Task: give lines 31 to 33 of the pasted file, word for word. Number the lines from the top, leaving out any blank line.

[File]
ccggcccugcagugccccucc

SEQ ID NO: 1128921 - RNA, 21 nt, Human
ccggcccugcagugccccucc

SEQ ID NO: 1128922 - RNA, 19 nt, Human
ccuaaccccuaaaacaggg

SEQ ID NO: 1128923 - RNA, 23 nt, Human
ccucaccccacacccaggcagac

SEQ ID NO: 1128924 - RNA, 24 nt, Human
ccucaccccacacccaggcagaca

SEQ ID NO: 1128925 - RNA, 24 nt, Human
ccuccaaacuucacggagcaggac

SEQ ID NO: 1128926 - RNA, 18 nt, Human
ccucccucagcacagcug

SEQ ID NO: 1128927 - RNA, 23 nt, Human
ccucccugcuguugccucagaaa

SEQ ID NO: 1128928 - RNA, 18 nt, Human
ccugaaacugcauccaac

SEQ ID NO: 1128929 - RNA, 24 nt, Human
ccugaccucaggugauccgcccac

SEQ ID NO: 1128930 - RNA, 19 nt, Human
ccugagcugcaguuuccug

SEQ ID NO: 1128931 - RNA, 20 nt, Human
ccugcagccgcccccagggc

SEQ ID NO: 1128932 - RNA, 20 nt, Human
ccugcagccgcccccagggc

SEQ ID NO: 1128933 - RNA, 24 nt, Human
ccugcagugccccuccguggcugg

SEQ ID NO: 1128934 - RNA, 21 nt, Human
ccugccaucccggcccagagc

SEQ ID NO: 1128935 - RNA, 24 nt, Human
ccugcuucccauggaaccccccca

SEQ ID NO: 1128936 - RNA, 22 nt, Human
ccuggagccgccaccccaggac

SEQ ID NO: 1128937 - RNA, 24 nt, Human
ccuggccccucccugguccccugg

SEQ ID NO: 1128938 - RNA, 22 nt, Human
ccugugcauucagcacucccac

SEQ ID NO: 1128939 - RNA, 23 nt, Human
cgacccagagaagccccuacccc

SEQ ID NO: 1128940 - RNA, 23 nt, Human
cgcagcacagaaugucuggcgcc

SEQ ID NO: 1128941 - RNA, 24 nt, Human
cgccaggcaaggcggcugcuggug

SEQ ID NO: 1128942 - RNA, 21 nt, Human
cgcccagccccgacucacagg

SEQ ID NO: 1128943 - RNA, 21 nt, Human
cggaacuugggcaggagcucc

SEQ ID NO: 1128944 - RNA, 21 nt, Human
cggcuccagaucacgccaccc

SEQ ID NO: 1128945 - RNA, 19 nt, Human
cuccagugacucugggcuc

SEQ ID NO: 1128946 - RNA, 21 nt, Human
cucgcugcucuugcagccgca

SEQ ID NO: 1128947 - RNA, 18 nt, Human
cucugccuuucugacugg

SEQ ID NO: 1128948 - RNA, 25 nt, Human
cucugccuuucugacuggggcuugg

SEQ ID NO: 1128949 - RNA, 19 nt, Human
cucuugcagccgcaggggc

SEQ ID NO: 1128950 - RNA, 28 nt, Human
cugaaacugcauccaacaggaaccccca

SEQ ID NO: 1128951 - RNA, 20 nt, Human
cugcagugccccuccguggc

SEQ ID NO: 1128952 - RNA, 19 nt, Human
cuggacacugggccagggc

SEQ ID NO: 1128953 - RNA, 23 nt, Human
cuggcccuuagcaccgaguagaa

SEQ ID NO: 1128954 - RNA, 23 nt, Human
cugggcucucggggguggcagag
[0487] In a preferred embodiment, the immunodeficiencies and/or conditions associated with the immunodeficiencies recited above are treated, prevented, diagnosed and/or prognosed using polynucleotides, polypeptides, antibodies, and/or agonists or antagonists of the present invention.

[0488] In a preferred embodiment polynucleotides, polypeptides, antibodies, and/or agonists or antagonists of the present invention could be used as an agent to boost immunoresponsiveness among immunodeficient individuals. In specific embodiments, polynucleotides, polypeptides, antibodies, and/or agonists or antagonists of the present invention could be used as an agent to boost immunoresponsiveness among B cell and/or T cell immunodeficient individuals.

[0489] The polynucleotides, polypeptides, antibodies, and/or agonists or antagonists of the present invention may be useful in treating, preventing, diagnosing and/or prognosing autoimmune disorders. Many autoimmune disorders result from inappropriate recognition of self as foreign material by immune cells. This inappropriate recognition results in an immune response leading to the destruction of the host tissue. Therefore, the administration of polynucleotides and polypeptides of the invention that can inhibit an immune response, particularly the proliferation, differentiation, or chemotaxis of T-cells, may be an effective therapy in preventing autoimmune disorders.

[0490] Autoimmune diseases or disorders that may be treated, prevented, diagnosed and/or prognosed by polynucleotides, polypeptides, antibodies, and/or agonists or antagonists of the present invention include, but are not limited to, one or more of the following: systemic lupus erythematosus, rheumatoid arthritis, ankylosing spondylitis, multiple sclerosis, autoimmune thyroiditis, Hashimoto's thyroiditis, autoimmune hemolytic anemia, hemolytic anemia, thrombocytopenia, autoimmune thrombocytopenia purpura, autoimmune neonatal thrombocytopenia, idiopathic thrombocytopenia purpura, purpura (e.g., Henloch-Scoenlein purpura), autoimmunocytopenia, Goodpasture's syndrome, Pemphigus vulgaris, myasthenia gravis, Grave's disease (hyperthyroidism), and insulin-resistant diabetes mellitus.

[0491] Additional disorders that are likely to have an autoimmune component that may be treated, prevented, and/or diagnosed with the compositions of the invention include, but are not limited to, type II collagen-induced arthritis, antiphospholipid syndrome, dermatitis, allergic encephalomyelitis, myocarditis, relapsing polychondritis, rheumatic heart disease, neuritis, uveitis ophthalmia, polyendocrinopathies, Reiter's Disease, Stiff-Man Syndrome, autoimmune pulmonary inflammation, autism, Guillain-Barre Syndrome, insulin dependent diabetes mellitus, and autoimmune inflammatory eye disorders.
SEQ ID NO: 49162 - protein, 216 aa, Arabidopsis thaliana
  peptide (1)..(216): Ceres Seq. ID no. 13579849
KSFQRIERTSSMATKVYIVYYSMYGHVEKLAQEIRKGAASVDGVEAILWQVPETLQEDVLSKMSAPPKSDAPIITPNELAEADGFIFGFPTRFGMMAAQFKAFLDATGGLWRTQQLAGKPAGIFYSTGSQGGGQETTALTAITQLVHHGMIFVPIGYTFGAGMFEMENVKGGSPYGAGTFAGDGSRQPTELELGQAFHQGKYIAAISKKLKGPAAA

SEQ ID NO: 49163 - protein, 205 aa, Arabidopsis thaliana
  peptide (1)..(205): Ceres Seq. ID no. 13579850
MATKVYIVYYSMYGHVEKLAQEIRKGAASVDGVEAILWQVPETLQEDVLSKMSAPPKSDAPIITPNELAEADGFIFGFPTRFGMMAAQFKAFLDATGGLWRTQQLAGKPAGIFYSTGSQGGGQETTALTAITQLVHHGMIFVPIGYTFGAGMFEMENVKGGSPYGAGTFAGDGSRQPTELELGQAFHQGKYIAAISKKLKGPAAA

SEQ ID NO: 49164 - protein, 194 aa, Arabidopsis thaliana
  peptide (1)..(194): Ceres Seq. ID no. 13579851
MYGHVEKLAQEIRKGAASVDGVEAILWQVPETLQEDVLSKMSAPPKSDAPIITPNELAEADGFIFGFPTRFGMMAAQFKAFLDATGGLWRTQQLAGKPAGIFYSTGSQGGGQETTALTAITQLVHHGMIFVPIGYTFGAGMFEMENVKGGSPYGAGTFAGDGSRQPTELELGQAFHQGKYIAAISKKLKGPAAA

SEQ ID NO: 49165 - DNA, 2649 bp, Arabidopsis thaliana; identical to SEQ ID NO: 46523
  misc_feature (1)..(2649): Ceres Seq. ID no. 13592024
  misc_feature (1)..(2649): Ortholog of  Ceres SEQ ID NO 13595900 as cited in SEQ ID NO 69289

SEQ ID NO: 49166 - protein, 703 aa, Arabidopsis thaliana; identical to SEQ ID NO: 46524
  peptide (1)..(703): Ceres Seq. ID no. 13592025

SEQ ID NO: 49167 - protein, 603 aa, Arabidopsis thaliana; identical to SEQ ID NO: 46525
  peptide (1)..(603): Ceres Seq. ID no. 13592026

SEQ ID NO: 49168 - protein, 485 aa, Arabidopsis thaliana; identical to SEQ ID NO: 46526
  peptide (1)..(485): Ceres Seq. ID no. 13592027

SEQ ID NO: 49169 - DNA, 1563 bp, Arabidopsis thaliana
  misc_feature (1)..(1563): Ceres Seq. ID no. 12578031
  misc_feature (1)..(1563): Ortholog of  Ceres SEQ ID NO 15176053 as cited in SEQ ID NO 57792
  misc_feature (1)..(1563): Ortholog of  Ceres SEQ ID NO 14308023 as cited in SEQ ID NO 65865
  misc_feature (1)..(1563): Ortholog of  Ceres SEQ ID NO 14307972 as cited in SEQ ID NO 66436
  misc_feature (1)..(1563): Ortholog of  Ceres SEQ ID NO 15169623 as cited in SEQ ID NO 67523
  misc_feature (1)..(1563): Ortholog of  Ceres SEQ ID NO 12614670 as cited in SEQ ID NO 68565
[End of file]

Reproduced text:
ccugcuucccauggaaccccccca

SEQ ID NO: 1128936 - RNA, 22 nt, Human
ccuggagccgccaccccaggac